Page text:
(The story of a young couple trying to cope with the girl’s terminal illness)
I spark the bowl and inhale deeply, careful to leave some fresh green for her to burn. She likes that, and any good pothead knows that this is proper etiquette when sharing a bowl. She’s not in too much pain today, but smoking has become a habit now. Actually sort of a ritual, our ritual. I can’t actually share her physical pain, but I can share everything else with her, including the self-medication. One bowl in the morning when she wakes up, two if she’s in a lot of pain. One mid-morning. One before lunch. A bowl mid-afternoon, one mid-evening, one before bed. And in between whenever else she needs or wants one. Whatever she needs, whenever.
Katie is regarding me with those straight-on, penetrating brown eyes in a manner that I have come to simultaneously love and find extremely uncomfortable. I’ve taken too long to retrieve the ornate glass bowl from her hand and she’s caught me “zoning out.” She’s probing my thoughts with those dark and intense eyes of hers and I feel suddenly naked. But I take the bowl from her, and rather than ask me what I’m thinking, she merely puts a small hand on my thigh and squeezes affectionately as I take my hit. Sometimes she just knows not to ask.
Katie got sick shortly after we met two-and-a-half years ago, although I suppose she was sick before that and just didn’t know it. We took a shine to one another almost immediately, but, as morbid as it may seem, we became the closest after she got sick. I took her to her doctors’ appointments and treatment sessions and stayed with her whenever she needed to be in the hospital. Not because I’m some great guy or because I want sympathy or something on account of my girlfriend being sick. Everything I did, I did because I wanted to. I wanted to be there for her and take care of her. I wanted to make her feel as good as possible, in spite of her being sick. And when, a few months ago, she decided to stop chemo and radiation and put her fate “in God’s hands,” I was heartbroken, but I pushed it down deep and said, “Whatever you want, Katie. We’ll do whatever you want.”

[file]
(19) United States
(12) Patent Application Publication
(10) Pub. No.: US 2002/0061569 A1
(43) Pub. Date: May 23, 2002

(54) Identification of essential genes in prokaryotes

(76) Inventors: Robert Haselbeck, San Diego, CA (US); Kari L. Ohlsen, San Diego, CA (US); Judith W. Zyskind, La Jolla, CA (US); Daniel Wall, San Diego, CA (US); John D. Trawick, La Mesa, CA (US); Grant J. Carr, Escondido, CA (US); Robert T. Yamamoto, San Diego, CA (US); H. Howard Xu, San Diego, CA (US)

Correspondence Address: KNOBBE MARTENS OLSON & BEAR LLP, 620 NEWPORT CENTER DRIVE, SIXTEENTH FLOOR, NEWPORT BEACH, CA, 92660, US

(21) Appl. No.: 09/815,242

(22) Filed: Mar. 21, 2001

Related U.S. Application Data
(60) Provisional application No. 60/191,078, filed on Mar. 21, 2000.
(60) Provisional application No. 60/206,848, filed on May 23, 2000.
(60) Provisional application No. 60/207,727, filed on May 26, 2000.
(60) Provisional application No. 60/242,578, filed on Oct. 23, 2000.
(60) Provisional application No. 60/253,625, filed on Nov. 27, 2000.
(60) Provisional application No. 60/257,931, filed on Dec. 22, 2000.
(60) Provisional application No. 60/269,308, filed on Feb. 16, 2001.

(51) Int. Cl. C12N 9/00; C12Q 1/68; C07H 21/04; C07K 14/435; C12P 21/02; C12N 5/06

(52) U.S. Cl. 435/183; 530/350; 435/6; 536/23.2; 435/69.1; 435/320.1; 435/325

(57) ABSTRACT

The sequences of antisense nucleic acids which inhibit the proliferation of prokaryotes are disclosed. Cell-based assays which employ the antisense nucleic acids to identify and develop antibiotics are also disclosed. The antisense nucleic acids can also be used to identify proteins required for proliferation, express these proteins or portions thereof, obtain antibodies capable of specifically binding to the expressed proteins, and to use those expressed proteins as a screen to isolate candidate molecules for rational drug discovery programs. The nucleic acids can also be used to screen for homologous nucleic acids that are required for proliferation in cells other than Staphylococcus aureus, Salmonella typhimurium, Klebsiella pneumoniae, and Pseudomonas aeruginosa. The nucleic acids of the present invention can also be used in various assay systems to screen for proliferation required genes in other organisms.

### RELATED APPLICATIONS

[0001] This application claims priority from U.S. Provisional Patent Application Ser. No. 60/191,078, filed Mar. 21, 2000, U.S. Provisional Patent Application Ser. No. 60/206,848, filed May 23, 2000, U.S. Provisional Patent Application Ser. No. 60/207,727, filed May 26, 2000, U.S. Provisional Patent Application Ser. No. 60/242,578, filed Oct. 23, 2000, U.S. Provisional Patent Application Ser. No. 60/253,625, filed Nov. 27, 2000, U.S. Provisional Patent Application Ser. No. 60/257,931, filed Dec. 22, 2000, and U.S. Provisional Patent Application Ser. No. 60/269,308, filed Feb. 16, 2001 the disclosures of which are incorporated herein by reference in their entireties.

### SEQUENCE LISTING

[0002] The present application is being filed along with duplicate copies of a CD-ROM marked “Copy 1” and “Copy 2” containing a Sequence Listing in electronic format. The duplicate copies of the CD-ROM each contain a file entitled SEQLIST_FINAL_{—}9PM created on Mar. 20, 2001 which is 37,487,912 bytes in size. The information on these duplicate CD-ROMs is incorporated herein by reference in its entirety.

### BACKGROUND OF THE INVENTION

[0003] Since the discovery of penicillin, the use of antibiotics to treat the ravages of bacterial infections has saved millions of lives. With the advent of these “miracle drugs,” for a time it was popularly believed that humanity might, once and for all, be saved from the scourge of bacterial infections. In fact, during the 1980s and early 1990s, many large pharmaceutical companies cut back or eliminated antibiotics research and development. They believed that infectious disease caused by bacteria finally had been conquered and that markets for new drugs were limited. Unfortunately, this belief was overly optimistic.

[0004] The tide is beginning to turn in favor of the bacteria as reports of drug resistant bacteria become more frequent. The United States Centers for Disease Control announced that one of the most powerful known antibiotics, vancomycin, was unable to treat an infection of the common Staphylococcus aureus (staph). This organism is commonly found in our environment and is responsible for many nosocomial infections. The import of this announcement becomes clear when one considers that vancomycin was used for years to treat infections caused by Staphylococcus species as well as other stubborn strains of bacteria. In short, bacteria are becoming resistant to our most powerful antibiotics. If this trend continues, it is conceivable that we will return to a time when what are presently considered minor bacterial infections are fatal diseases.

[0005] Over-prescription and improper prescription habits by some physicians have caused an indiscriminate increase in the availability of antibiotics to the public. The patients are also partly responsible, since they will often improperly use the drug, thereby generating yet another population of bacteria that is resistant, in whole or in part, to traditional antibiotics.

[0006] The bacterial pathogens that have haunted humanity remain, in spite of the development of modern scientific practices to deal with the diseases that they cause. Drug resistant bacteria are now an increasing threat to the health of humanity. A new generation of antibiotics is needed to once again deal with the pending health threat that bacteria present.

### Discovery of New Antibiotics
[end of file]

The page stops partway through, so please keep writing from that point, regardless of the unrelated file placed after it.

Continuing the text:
Now she does ask. “You’re doing it again.” Zoning out. “What are you thinking about?”
I contemplate lying and telling her that I’m just stoned, but I know she won’t believe me. Lying is just not my style anyway, so I simply answer, “You, sweetheart,” and I lean over and kiss her forehead. She smiles and seems content to let it go at that. She takes another hit off the bowl and holds it in.
The weed was my idea and, although neither of us smoked since college, she took little convincing. Truth be told, I felt a little guilty at first, getting us both hooked on drugs, even one as innocuous as marijuana. But it didn’t take long to get over that. The weed eased her pain some, and Katie actually seemed to begin to enjoy our little smoke sessions, falling easily back into the pothead rhythm.